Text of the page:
Late thrill seeker Dean Potter draws readers' wrath and admiration

Late thrill seeker Dean Potter draws readers' wrath and admiration
Extreme sports personality Dean Potter and his dog Whisper. (EPA)

Our letter writers tend to be at their least sympathetic reacting to high-profile tragedies in which the people who died or were injured put themselves at risk. Last year, for example, few writers spared their criticism of the five Orange County teenagers who died early one morning after a night out at Knott's Scary Farm. More recently, responding to the death of climber, alpinist and BASE jumper Dean Potter and his protege Graham Hunt last week in Yosemite, several readers were similarly scolding.

But Potter had a loyal following, and a small handful of readers wrote in his defense, addressing other letter writers' arguments.


Sometimes, it seems, though unable to actually talk to one another, our readers manage to converse.

Crista Worthy of Boise, Idaho, admonishes The Times for its coverage:

I was dismayed to see The Times devote so much space to the deaths of these two lawbreakers. It is illegal to BASE (which stands for "building, antenna, span and Earth") jump — in a national park, period.

I have watched BASE jumpers leap from Perrine Bridge over the Snake River in Twin Falls, Idaho, one of the few places where it is legal. It's legal there because there is nothing but air between the bridge and the river or land below, so you won't hit anything (or anyone) on the way down.

Potter's illegal climb of Utah's iconic Delicate Arch showed him for what he truly is: an attention seeker. For me, that act was unforgivable. I am glad Patagonia dropped its sponsorship of him after that climb, and I wish The Times had dropped him from its pages too. By writing about Potter, you give him publicity and simply feed the monster.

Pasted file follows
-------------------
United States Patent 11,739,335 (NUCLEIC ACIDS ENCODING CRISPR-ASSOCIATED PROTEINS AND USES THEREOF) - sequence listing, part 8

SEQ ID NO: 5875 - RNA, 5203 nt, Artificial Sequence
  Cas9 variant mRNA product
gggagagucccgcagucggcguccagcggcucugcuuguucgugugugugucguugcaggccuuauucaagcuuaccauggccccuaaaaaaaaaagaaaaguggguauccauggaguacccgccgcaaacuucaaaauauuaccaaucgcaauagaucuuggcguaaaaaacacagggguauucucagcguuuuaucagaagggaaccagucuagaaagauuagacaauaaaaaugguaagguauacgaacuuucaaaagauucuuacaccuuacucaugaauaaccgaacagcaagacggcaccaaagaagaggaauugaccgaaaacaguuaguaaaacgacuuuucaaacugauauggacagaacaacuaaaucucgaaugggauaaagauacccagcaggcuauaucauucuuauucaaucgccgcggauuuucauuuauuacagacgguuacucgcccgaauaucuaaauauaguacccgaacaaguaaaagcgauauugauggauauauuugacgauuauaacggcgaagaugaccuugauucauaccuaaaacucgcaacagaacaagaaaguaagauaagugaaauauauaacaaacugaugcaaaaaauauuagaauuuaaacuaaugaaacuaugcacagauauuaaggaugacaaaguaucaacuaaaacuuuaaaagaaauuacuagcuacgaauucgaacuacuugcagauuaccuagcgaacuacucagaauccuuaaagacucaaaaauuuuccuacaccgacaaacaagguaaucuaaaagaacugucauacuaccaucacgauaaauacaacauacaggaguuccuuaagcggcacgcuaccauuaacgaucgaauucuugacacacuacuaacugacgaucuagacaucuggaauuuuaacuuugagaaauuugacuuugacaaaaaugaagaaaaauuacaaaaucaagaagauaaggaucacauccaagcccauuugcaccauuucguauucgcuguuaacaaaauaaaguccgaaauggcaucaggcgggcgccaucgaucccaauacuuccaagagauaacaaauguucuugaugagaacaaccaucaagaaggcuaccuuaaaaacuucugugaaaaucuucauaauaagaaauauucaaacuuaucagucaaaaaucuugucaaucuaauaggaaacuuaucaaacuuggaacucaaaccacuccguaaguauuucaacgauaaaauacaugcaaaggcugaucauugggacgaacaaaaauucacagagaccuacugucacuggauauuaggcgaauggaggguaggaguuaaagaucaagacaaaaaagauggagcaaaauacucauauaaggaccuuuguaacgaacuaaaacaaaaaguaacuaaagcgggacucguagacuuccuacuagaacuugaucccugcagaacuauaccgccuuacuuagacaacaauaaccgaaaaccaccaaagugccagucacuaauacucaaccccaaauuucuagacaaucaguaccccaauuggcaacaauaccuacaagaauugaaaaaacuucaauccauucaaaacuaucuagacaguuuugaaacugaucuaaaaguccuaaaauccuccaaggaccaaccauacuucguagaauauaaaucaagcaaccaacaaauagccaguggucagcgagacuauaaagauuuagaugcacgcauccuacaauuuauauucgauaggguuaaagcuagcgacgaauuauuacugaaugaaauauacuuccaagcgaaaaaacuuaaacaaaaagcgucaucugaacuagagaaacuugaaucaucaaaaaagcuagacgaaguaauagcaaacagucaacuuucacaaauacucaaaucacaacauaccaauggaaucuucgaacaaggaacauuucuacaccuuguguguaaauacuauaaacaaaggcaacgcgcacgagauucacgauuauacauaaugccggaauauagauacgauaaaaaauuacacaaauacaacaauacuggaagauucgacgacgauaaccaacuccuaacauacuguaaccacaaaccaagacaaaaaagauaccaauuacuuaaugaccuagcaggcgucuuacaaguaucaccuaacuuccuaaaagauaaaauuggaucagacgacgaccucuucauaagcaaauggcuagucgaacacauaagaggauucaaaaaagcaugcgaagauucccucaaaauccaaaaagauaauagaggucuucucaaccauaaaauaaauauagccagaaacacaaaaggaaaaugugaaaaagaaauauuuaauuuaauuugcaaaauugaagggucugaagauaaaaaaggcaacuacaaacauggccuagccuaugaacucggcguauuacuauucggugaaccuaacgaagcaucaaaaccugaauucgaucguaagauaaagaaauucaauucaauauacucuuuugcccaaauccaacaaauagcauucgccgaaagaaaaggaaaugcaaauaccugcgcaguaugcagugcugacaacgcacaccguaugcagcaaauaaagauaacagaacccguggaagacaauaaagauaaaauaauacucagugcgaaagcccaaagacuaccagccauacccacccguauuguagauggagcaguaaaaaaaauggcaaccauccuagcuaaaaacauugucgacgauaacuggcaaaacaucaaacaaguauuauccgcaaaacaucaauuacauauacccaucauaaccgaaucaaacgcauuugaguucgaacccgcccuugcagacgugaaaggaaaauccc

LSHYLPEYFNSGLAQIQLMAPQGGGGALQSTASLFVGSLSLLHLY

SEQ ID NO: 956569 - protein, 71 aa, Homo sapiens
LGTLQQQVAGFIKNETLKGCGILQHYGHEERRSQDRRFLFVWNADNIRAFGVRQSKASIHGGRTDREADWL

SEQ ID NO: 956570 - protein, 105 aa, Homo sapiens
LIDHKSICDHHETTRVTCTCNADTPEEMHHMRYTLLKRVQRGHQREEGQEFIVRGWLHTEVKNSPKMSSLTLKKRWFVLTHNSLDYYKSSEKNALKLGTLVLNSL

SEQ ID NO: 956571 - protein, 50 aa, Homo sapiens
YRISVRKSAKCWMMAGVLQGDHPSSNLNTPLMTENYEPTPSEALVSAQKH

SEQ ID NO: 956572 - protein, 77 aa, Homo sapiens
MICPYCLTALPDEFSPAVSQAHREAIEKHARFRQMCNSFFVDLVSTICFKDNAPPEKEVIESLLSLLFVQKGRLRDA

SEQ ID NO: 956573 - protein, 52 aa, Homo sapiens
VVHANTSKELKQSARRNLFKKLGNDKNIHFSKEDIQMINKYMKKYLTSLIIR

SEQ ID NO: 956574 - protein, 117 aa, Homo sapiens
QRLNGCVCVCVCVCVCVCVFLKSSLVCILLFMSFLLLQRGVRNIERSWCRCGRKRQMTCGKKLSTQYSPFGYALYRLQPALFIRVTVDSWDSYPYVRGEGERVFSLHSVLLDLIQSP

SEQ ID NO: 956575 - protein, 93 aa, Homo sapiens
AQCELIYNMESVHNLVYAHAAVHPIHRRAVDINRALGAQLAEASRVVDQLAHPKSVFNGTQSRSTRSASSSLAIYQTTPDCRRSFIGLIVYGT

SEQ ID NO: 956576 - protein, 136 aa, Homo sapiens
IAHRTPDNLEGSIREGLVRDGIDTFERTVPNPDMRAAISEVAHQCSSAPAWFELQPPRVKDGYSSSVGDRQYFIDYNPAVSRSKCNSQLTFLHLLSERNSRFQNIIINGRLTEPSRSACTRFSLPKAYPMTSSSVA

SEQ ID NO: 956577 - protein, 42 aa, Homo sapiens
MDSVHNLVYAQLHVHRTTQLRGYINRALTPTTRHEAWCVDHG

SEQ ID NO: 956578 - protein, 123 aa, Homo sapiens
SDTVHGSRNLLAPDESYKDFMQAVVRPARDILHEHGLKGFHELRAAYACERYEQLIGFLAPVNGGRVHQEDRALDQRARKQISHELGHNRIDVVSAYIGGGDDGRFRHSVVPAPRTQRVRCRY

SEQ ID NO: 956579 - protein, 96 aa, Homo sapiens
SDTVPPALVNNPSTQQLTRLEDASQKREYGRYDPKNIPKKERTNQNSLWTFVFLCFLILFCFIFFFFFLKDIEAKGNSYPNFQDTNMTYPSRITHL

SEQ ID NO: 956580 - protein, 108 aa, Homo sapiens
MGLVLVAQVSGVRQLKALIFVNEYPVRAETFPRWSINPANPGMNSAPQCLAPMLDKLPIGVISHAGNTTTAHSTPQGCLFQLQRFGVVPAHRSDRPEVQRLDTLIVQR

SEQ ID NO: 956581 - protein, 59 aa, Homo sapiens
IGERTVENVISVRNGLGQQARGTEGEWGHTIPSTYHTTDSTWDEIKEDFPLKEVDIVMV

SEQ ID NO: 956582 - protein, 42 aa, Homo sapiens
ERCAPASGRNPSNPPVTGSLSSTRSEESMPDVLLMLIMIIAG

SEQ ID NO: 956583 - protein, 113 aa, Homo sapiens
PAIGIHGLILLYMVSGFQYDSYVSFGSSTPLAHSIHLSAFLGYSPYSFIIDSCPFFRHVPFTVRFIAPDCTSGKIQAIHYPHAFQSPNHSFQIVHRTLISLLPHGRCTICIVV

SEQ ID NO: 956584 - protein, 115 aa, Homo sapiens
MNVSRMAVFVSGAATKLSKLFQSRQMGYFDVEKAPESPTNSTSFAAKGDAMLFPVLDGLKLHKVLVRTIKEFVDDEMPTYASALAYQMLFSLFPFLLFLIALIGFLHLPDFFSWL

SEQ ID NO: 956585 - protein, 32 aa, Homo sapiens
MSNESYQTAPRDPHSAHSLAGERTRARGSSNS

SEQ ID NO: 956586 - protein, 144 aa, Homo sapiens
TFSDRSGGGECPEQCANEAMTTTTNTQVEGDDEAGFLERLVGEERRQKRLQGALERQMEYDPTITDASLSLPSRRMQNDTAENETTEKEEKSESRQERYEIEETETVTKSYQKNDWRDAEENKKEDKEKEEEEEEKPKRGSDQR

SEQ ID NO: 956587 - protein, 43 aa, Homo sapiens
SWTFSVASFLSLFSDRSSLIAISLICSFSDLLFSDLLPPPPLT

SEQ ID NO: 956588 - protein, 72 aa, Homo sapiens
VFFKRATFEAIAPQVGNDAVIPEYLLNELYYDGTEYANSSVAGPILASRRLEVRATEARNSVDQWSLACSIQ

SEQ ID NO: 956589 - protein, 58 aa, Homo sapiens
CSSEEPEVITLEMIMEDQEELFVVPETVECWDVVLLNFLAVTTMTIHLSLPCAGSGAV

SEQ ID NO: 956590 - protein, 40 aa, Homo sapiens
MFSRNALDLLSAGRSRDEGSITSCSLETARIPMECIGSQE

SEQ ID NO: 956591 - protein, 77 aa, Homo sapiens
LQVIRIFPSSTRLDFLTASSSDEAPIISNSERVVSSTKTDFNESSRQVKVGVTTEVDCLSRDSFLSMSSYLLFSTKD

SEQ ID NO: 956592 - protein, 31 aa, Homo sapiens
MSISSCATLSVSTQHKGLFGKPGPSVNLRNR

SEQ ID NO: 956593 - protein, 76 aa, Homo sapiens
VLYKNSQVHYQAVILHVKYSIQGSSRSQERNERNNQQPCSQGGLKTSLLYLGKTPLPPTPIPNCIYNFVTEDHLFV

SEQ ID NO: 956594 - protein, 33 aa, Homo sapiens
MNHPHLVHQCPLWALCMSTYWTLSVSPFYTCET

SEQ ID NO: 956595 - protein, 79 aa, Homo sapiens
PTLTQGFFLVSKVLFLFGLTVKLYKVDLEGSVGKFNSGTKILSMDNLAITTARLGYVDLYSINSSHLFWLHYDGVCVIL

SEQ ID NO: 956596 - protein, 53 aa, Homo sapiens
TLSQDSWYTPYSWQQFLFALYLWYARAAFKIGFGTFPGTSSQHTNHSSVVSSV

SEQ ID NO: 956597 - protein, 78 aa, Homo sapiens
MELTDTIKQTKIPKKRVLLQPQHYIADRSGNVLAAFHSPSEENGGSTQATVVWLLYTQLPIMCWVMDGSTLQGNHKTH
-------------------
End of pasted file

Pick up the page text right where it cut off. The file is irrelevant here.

Lakewood resident Alexandra Jaffee juxtaposes the article on Potter with another piece from Tuesday's front page:

What a jarring experience to read a front page that reports on the death of Potter, who voluntarily and repeatedly risked his life BASE jumping, and on the agonizing life of Angie Bloomquist, who has ALS (amyotrophic lateral sclerosis), also known as Lou Gehrig's Disease.

Potter not only threw away the healthy life that was stolen from Bloomquist by her disease, but also got the death that eludes her. People should not romanticize his experiences and choices as spirituality.

Santa Monica resident Gintas Slapkauskas hits back at Potter's critics:

What is wrong with people?

Two decent men died while pursuing their dreams and truly living life to its fullest. Yet people still find the need to call them idiot thrill seekers, say that they somehow deserved their fate and even demand that their estates pay for the cost of search and rescue.

Is there no sense of decency in this world? Friends, fans and family are grieving. It is neither the time nor the place to voice your agenda or to be an obnoxious troll.

Fly on, Dean and Graham!

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